Char-Leen Craner knew the drill. Her parents would begin to argue. Their anger, fueled by drugs and alcohol, would quickly turn to rage. Char-Leen would herd her sister, Christina, 6, and brother, Nathan, 4, into a bedroom and close the door. Only when the riotous confrontation had run its course, often with the aid of police intervention, would she dare peek outside to see if the coast was clear.

Char-Leen Craner was 8.

Now 20, she says substance abuse changed her mom and dad from attentive parents who enjoyed taking family camping trips to Yosemite to addicts who bounced from one residence to another before farming their children to relatives. The Craner kids wound up living with their maternal grandparents in Oakland. Their parents eventually separated. They are sporadically involved in their kids' lives.

Contacted by phone, Chris Craner, Char-Leen and Christina's father, confirmed his daughters' account of their parents' substance abuse and physical altercations.

It's the kind of story that often ends poorly for children caught in the crossfire. But the Craner sisters have refused to accept their parents' reality. With the help -- academic, financial and emotional -- of two local nonprofits, San Francisco-based Students Rising Above and Oakland-based College Track, both Char-Leen and Christina began college classes last month. Char-Leen is in her junior year at UC Berkeley. Christina, 18, is a freshman at Humboldt State.


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"Everybody always asks me: Where did your motivation come from?" Char-Leen said one recent sunny day on the UC Berkeley campus. "I think my biggest motivator is me. I knew at age 7 or 8 years old, when things started to really go bad, that this is not how my life is going to be."

"I've always followed her footsteps," Christina said of her sister. "She had everything set up. It was like, I'll just do what she does and I know I'll be good."

Good, as in Char-Leen graduated from Oakland High School with a 3.7 grade-point average. She earned two UC Berkeley scholarships offered to students who have overcome socioeconomic disadvantages. Christina graduated with a 3.3 GPA. Both women receive financial support from Federal Student Aid as well as College Track and SRA.

Their academic achievement is even more impressive considering it came during a time of personal upheaval.

Their grandparents provided a sense of stability. But in 2007, two weeks before Char-Leen began high school, her grandmother died of cancer. At 14, Char-Leen suddenly was thrust into a maternal role.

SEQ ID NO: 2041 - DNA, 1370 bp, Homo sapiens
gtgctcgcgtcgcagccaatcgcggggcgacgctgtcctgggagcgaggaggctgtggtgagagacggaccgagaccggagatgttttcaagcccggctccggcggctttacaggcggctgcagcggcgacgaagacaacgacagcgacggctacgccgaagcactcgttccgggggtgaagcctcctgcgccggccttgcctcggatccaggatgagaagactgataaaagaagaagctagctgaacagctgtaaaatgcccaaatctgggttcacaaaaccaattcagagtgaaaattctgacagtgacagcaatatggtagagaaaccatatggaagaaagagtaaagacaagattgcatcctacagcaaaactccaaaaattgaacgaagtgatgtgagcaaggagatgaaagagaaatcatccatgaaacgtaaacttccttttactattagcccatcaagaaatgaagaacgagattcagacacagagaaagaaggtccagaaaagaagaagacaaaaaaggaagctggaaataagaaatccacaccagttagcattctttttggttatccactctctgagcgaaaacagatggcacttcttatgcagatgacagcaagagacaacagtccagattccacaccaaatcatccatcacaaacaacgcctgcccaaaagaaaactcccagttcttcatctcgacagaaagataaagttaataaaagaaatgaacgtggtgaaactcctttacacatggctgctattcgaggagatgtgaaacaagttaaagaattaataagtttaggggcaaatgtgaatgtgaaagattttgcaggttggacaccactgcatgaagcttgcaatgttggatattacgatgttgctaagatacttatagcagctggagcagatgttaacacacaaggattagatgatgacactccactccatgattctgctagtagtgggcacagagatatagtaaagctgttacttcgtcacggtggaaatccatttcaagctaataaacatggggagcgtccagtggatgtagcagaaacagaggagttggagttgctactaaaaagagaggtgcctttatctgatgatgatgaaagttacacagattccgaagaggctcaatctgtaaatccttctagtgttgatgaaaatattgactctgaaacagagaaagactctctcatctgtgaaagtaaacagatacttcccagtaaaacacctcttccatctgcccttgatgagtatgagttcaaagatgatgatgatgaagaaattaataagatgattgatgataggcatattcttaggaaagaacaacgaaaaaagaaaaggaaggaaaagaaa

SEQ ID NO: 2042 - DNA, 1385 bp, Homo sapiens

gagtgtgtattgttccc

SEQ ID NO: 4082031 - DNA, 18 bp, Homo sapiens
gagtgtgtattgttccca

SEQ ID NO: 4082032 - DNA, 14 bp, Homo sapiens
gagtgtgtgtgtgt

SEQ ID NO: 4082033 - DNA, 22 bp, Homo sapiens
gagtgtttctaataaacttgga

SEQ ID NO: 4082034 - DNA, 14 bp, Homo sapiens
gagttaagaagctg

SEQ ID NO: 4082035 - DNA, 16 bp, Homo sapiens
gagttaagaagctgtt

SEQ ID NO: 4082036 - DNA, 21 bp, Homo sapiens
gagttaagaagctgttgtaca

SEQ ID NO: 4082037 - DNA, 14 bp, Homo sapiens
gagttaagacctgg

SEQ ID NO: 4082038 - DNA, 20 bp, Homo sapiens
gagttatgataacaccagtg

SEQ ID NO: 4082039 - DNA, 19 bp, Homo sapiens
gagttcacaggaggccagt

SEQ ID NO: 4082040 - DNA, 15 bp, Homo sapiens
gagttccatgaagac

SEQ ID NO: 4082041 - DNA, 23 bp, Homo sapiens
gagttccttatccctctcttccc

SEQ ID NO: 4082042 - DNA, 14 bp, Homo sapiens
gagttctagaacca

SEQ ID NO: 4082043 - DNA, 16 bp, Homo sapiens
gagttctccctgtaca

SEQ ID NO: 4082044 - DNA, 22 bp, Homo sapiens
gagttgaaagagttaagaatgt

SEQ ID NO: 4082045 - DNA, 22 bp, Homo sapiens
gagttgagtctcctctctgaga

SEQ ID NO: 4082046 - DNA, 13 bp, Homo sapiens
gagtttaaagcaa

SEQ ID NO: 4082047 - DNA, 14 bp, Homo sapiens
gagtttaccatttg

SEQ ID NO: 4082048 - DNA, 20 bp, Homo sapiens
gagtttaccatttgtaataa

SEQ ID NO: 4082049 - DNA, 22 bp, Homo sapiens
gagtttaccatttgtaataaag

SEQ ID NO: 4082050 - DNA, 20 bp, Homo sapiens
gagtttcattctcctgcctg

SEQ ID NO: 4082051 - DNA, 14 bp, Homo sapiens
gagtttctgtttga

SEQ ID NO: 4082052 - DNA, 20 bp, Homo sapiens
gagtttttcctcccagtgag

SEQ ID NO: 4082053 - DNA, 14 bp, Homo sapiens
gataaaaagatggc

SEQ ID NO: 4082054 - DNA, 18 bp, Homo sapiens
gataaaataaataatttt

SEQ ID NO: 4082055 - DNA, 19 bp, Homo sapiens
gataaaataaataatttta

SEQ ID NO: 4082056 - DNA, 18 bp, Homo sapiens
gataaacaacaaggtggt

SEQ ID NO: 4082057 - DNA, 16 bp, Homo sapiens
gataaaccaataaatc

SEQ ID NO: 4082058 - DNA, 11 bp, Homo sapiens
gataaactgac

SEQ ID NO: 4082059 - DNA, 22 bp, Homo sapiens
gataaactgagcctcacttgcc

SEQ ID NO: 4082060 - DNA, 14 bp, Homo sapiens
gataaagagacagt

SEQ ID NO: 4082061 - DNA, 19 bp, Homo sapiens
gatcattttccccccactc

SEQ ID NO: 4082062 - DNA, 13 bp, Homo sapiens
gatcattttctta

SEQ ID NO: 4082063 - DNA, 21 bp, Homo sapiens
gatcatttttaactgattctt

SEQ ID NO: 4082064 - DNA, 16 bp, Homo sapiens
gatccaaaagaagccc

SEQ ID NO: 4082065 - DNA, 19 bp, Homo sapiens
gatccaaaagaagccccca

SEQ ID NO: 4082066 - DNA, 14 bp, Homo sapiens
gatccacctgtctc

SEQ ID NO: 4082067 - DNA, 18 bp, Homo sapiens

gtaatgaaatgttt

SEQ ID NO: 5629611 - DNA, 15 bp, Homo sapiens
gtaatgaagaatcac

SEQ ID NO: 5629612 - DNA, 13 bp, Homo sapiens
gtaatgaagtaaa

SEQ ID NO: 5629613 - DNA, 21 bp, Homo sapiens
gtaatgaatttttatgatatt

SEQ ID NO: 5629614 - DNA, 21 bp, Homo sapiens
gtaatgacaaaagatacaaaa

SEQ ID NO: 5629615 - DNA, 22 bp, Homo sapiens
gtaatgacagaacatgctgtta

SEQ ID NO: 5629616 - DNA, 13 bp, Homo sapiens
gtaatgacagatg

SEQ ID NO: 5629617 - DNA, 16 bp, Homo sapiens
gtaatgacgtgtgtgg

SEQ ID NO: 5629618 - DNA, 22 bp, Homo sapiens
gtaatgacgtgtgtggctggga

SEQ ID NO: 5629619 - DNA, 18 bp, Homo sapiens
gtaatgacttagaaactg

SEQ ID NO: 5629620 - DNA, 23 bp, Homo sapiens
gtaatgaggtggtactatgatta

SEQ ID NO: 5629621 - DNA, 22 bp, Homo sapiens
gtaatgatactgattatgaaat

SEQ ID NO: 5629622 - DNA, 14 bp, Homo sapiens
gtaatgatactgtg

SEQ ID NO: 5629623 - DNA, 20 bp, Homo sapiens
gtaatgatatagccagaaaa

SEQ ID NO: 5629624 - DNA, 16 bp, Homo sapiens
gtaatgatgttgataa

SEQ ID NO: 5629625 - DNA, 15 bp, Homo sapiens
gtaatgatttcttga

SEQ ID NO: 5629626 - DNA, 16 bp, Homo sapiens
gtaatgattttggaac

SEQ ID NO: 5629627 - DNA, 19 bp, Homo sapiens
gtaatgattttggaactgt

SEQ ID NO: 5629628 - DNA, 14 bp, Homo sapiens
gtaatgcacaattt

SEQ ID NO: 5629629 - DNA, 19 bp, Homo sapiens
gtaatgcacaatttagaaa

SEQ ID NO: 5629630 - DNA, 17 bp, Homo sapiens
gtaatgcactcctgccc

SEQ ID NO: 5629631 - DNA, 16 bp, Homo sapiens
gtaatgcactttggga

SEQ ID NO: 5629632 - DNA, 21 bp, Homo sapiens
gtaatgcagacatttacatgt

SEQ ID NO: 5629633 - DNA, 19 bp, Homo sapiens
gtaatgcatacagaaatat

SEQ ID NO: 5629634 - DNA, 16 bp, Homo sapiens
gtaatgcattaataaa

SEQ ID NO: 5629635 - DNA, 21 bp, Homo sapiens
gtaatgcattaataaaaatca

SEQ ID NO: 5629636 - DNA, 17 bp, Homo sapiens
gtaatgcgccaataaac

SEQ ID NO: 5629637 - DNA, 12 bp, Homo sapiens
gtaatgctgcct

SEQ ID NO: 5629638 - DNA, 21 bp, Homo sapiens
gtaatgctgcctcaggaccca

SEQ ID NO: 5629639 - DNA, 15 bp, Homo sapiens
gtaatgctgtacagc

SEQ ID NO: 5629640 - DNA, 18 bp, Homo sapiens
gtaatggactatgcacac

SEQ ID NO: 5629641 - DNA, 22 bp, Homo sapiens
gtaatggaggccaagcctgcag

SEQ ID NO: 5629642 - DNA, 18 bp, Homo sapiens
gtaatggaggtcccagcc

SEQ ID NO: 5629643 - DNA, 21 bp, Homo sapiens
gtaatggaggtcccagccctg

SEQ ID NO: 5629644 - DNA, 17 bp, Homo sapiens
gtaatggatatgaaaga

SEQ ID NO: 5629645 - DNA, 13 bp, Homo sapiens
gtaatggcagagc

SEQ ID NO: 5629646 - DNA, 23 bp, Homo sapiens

"I've never done laundry before, and I have to do laundry for everyone," she said. "All of a sudden the house is dirty because there's no one there to clean it. Being the oldest, it was always important to me to be protective over Nathan and Christina. But it was so hard to make them get out of bed and put on clothes and go to school."

Three months after their grandmother died, their grandfather told the kids he had lung cancer. He died in February.

"We thought he was going to be gone immediately," Char-Leen said. "He held on for almost six years, and I know it was only because of us."

Char-Leen now has her own apartment. Soon, she said, her brother will be moving in with her.

"She hasn't had a lot of time to think about herself," said Jennifer Malkin, Char-Leen's SRA adviser. "Her tendency in her heart is always helping others. She's expressive, thoughtful, silly, loving and generous. She has the whole package."

Christina is taller and quieter than her big sister but shares her resolve.

"They chose drugs rather than taking care of us," she said of her parents. "That made me upset. I didn't want to go down the bad path at all. I didn't want to be like my parents."

Char-Leen said she believes her father, who lives in Stockton, is no longer taking "hard core" drugs. Her mother, she said, "is on the path to sobriety." The family members are on good enough terms that they all caravaned to Arcata to escort Christina to her Humboldt State dorm room.

"It's going to be totally new," said Christina, who wants to study marine biology. "I have to find things out for myself. That's new for me. But I'm excited for it."

DeeDee Romo-Nichols, Christina's SRA mentor, expects there may be some challenging times ahead.

"She's going to be exposed to other students who have other life experiences," Romo-Nichols said. "She's going to think, 'Wow, my life experience was tough.' She's still dealing with emotion that she has been suppressing for so long. But she's a tough girl. She'll do fine."

While little sister was apprehensive about the new school year, big sister was bemoaning the fact she has only two years left before graduation.

"College has been a transcending journey for me," said Char-Leen, who served an internship with San Francisco's Glide Memorial Church this summer. "To be at a place where there's so many intellectual people who want to learn, it just rubs off on me. I don't ever want to leave."

Char-Leen is majoring in sociology but said that could change. "I'm at this point in my life where I'm trying to discover what I really like," she said. "I'm really open to anything."

Contact Gary Peterson at 925-952-5053. Follow him on Twitter at twitter.com/garyscribe.

students Rising above
Students Rising Above, a nonprofit organization founded in 1988, provides financial and mentoring support, summer internships and medical and dental services to students in the region with strong character and scholastic aptitude.
The program assists first-generation college students striving to overcome impoverished upbringings by shepherding them through their senior year of high school, the college application process and throughout their years in college.